Rehab policy demanded for those implicated in terror cases

Delhi Chief Minister Sheila Dikshit on Friday assured the two persons who were allegedly falsely implicated in terror cases that she would revert in a week’s time to the request put forth for a comprehensive rehabilitation policy.

Talking to The Hindu after meeting Ms. Dikshit, one of these two persons, Mohammad Amir, said: “I had asked for help so that I can gain a good education, gain some self-respect and have funds for my mother’s medical treatment.”

Mr. Aamir along with Javed Iqbal, Communist Party of India (Marxist) Polit Bureau member Brinda Karat and CPI (M) Delhi State Committee member Sehba Farooqui had earlier met Ms. Dikshit on Thursday. “The Chief Minister took our request seriously and was very sympathetic. She listened and understood our plight and said she will do as much as possible to help us,” he had said on Thursday. “Brindaji told her that our country in the name of terror had targeted several innocent Muslim youths.”

Mr. Aamir was “kidnapped” when he was 18 years old and was falsely named the main accused in 20 bomb blasts executed over 10 months between December 1996 and October 1997 in Delhi, Rohtak, Sonepat and Ghaziabad. He was released early last year after spending 14 years behind bars.

“I am feeling very happy that the CM listened to me,” said Mr. Aamir, adding that the compensation that he would prefer would be one that can better his future. “I want such a compensation that can help me move on and forget the past. I need to look after my mother and as I have recently got married, my responsibilities have increased,” he said.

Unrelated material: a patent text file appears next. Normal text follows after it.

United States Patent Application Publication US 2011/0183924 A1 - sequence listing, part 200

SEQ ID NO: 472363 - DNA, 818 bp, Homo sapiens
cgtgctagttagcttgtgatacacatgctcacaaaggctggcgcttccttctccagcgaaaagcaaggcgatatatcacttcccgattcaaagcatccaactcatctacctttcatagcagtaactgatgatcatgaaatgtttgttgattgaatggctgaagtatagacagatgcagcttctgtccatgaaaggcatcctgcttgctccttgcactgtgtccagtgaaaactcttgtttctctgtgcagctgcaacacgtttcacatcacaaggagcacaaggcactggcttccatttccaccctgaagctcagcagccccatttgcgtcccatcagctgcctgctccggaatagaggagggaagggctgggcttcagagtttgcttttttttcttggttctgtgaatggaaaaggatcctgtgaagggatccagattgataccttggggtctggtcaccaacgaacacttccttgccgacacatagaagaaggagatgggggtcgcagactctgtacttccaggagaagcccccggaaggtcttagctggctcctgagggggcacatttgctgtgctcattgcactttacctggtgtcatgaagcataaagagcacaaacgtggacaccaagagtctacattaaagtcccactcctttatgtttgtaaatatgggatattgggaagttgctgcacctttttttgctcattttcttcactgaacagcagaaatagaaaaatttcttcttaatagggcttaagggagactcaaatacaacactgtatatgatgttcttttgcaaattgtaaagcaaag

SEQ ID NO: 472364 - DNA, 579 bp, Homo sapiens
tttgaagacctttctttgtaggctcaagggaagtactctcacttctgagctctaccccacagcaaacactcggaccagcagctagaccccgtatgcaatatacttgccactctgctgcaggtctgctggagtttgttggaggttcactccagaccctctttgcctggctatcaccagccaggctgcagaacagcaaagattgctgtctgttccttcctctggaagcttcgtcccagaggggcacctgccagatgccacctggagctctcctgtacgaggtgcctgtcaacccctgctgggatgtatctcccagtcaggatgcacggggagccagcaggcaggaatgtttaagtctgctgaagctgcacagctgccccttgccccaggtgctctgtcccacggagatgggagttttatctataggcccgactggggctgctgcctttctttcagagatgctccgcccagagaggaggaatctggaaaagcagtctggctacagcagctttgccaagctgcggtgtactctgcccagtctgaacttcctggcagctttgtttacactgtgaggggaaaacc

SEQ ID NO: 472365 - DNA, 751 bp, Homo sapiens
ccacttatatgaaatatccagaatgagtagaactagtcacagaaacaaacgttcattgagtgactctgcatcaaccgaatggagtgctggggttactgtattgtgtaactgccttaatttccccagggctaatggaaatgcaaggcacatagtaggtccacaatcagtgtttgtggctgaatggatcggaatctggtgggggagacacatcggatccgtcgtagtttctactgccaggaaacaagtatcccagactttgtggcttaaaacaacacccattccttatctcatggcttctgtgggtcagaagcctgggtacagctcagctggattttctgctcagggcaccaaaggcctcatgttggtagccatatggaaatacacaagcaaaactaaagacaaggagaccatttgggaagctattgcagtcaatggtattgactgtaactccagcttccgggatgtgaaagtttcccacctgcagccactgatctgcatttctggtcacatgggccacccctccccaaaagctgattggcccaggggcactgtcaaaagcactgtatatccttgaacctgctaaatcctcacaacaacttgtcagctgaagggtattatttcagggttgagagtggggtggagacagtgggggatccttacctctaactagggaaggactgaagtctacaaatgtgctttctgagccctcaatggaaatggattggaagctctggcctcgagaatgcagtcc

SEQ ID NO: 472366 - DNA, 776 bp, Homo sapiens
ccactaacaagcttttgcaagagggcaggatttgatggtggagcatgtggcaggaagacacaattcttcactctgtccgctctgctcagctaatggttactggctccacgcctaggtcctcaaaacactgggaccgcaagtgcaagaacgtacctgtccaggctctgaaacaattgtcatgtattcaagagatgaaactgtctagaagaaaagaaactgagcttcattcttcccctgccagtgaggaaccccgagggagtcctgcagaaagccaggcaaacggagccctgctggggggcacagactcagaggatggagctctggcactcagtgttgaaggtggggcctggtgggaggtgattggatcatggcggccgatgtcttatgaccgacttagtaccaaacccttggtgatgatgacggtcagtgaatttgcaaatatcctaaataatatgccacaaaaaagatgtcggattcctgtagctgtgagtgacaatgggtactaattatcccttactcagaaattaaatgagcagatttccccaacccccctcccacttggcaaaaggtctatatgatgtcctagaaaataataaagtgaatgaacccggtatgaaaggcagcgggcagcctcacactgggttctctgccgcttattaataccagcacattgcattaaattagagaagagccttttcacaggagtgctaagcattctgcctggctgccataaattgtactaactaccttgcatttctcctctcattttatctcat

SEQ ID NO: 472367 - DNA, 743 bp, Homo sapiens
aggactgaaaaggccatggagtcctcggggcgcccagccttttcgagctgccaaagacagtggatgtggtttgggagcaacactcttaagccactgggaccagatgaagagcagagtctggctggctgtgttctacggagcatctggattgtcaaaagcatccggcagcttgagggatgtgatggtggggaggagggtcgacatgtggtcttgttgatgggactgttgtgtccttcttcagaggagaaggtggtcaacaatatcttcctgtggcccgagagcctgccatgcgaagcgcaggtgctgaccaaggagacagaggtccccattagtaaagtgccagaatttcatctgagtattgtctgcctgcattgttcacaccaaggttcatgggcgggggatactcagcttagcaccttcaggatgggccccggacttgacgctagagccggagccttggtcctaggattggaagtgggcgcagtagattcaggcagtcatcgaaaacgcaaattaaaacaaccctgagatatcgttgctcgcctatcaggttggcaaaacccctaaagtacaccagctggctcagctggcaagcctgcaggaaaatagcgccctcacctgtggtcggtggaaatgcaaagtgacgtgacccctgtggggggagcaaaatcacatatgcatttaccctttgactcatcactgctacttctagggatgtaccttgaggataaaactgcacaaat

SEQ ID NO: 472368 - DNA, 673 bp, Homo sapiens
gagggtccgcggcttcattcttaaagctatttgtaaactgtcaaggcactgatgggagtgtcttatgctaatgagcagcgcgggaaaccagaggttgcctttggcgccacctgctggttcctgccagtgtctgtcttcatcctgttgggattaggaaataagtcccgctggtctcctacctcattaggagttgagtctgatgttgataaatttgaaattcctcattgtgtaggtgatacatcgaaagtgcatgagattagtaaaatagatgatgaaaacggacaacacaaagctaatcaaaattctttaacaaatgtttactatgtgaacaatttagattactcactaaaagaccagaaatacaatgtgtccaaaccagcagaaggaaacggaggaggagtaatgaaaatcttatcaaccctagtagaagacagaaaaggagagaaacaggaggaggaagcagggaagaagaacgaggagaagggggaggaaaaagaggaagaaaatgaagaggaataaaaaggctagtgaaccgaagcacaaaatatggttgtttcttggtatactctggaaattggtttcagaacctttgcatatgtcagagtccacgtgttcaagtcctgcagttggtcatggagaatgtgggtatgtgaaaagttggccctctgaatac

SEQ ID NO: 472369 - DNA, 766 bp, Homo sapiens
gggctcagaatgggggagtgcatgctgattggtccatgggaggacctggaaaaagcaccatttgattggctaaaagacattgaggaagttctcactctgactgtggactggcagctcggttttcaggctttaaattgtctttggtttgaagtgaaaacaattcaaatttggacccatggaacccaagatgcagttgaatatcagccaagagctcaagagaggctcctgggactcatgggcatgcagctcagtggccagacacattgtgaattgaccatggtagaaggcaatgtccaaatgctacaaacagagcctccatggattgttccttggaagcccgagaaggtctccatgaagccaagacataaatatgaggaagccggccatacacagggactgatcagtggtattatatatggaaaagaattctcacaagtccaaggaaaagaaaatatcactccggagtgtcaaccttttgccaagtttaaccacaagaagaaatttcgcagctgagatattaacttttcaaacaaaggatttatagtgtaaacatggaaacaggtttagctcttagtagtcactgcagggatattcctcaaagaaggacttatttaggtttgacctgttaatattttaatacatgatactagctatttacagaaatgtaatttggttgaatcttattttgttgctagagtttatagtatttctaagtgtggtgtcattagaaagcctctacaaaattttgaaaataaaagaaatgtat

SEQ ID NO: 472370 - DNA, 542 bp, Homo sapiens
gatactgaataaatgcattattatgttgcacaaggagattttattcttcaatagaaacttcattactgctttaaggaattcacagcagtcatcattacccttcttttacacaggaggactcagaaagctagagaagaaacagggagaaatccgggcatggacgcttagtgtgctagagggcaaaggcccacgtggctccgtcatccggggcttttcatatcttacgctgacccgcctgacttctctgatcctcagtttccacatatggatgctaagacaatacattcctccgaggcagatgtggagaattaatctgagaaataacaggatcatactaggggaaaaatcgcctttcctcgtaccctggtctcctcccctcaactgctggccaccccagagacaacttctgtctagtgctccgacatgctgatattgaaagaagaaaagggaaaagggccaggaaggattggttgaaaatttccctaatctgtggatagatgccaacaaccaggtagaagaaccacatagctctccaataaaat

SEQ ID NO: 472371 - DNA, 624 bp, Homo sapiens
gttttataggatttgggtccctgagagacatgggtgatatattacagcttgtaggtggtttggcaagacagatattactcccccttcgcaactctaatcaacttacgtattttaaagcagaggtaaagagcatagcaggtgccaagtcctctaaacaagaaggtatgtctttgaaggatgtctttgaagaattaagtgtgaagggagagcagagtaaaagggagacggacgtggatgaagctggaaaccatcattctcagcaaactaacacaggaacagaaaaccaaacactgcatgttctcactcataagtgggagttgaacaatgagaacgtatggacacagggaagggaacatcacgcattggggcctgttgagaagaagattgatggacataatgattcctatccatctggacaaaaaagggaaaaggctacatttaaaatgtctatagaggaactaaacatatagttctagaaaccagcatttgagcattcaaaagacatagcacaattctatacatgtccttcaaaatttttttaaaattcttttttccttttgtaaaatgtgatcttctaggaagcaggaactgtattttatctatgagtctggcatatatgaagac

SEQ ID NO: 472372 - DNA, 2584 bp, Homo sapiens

Mr. Aamir has restarted his education through Indira Gandhi National Open University and dreams of either becoming a lawyer or a journalist. “Since I was in jail for 14 years, I understood the way law works. But I may also like to become a journalist since print media was my only means of keeping in touch with the outside world.”

A general policy framework that recognises that injustice occurred, provides redress and a substantial rehabilitation package is the need of the hour, said Ms. Karat. “The rehabilitation policy should look at each case individually. It should engage the person concerned and be sensitive to his needs,” she said. “For instance, Javed is an older person and he runs a shop so his requirements are different from Aamir who is younger.”

Noting that the Union Home Minister had made a statement in Parliament that a comprehensive rehabilitation policy will be provided, Ms. Karat said: “There is a need to create a precedent.”